- If you need clarification, ask it in the comment box above.
- Better answers use proper spelling and grammar.
- Provide details, support with references or personal experience.
Tell us some more! Your answer needs to include more details to help people.You can't post answers that contain an email address.Please enter a valid email address.The email address entered is already associated to an account.Login to postPlease use English characters only.
Tip: The max point reward for answering a question is 15.
The best way to download pictures from your camera to your computer involves removing the memory card from the camera and plugging it into a card reader (either built-in to the computer or connected via USB or FireWire). This is likely to be faster than connecting the camera to the computer, and won't run down your camera's batteries.
Once the card is plugged in, it will appear to your computer as a removable drive. You can use the operating system's drag&drop facility to copy pictures from the card to the computer's hard drive. Or you can use any photo cataloging program.
Digital cameras really are battery hogs (especially cameras that use only 2 AA's). Some brands of batteries will have problems just starting up the camera. This may be true even if they're alkaline, brand new, and just out of the package.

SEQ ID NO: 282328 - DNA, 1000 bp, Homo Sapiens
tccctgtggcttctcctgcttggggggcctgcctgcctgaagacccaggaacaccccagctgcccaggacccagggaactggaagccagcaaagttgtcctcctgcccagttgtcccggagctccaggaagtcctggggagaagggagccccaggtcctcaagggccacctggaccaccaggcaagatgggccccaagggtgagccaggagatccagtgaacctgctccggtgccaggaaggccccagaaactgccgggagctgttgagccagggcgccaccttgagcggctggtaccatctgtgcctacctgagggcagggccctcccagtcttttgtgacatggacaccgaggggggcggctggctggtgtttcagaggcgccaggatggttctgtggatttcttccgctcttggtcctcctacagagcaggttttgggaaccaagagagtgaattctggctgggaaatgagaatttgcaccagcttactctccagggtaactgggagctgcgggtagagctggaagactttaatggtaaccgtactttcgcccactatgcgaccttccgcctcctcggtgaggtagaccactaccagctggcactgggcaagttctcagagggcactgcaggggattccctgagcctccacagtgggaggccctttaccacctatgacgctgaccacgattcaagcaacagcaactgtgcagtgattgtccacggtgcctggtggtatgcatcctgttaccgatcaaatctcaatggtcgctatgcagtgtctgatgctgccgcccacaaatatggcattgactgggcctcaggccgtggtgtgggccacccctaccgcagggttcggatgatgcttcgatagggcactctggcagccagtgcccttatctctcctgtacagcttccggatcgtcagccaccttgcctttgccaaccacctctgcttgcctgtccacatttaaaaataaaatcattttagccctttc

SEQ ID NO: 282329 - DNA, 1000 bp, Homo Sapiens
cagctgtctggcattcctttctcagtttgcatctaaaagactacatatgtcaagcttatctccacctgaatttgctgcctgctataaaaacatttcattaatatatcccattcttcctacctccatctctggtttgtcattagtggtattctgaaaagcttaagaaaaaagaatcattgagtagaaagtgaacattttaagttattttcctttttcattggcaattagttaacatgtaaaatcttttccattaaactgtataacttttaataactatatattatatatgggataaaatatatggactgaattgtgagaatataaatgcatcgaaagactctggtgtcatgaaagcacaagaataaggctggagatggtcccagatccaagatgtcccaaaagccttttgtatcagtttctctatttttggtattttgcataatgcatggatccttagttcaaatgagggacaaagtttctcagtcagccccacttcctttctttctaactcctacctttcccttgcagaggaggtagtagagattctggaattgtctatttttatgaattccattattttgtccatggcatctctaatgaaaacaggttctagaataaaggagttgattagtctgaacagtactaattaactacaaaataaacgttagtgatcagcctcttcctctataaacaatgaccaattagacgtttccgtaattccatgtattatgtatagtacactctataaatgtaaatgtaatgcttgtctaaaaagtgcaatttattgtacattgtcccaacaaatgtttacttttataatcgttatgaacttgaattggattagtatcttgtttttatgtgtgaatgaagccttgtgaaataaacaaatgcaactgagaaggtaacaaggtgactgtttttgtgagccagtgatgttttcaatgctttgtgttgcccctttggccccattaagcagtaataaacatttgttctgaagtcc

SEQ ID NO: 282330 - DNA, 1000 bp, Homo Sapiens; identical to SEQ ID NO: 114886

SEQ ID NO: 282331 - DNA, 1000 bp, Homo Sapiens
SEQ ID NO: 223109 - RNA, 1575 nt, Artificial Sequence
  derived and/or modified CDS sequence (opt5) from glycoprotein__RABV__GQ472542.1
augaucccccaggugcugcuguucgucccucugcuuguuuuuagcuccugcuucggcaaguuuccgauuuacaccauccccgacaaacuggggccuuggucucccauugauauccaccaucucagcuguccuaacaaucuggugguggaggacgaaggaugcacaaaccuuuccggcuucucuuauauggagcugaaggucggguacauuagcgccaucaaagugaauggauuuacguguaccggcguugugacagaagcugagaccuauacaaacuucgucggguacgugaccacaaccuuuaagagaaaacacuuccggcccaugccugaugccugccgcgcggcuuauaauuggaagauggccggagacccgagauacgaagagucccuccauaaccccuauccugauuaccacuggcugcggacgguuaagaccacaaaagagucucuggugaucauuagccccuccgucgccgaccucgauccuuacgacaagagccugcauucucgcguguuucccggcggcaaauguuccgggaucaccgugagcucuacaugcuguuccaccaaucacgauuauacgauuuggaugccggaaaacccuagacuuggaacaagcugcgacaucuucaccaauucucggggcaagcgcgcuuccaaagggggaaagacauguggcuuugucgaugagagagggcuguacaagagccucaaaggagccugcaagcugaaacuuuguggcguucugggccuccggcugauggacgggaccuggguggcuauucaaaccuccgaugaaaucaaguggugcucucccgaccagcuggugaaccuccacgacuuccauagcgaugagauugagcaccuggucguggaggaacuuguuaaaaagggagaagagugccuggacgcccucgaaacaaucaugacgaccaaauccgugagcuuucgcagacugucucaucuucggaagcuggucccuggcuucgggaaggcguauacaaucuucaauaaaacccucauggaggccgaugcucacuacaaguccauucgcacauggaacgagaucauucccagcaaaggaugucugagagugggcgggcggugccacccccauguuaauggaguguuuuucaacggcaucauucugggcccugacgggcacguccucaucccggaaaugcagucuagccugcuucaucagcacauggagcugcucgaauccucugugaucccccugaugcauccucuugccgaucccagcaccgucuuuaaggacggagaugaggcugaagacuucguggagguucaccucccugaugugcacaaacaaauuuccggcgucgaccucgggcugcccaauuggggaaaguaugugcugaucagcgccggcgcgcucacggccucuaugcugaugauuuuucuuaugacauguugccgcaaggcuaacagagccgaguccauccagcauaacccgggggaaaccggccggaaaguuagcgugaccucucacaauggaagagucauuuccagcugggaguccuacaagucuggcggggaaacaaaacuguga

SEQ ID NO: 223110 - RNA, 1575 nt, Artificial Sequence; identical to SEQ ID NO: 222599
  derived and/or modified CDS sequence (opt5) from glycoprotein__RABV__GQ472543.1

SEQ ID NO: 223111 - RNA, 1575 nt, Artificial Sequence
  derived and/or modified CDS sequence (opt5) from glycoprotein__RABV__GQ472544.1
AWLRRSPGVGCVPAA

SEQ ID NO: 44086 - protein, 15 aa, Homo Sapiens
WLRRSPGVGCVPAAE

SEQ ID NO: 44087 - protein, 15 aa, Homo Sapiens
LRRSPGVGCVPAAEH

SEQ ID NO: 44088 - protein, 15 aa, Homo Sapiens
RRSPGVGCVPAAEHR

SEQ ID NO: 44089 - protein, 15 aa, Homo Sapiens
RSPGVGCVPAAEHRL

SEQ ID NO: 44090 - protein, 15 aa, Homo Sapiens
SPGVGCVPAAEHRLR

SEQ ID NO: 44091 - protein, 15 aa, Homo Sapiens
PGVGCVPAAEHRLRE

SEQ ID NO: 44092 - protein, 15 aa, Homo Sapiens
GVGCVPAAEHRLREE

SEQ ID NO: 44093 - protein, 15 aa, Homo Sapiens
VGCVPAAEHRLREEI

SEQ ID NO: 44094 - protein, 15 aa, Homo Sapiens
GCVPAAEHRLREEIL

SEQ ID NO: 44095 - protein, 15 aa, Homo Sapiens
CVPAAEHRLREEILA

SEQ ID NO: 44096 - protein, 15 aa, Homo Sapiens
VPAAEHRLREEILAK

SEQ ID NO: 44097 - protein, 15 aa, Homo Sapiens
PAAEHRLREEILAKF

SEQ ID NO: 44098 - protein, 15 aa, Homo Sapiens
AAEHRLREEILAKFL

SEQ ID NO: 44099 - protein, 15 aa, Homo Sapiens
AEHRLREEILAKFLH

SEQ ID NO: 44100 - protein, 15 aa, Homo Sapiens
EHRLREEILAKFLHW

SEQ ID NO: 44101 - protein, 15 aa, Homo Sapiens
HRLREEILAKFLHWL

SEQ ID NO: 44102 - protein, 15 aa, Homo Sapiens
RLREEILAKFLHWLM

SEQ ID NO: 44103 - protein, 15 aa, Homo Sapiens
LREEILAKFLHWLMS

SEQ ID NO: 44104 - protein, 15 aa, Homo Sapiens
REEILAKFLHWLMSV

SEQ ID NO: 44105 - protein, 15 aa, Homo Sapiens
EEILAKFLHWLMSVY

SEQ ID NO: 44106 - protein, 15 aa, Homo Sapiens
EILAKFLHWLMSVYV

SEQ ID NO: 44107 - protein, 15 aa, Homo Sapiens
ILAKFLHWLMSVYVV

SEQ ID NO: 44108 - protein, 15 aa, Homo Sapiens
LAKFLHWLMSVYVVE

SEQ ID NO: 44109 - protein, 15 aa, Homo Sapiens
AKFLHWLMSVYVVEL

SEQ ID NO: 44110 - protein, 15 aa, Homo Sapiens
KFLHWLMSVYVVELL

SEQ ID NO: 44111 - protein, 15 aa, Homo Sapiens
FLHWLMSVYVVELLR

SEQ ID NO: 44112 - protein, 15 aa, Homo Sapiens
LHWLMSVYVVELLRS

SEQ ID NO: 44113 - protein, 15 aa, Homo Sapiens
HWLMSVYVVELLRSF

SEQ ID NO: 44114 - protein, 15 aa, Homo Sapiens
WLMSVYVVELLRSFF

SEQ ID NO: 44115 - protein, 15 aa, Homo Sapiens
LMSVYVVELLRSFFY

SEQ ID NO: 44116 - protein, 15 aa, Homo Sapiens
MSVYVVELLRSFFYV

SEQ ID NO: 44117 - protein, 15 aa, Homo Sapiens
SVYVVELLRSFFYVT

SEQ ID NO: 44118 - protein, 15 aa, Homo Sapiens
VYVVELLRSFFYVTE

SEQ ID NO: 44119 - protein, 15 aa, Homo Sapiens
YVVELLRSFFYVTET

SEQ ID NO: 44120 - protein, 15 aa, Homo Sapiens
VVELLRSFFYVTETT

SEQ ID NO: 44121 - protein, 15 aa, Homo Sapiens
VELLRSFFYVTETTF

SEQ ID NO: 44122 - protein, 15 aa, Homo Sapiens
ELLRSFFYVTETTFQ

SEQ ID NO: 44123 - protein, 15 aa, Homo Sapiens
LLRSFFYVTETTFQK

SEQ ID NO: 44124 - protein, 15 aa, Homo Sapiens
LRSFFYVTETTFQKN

Recommend rechargeable NiMH batteries only for your camera. Believe Canon even states this in their user manual. Walmart sells these for around $7 for a package of four (about $15-19 for the batteries with charger). Keep in mind they'll save you big bucks in the long run over alkalines, AND they'll last for at least 100 pictures per charge (and probably many many more). You'll be very pleased with their performance, and may slap yourself for not buying them sooner. When at the store, look on the package for a power rating of at least 2500 mah.
If the above doesn't work, here's some other things to try:
hey guys. there is no solution that you can do it for yourself. the best solution i can give for you is take it to service centre. here in india we get charged nearly 1800rupees for servicing the lens portions.
SD cards have a slide switch along one edge. The position farthest from the contacts locks the card, protecting it from writes. The position nearest the contacts unlocks the card. If the switch is already in the proper position, slide it fully the other way and then back again.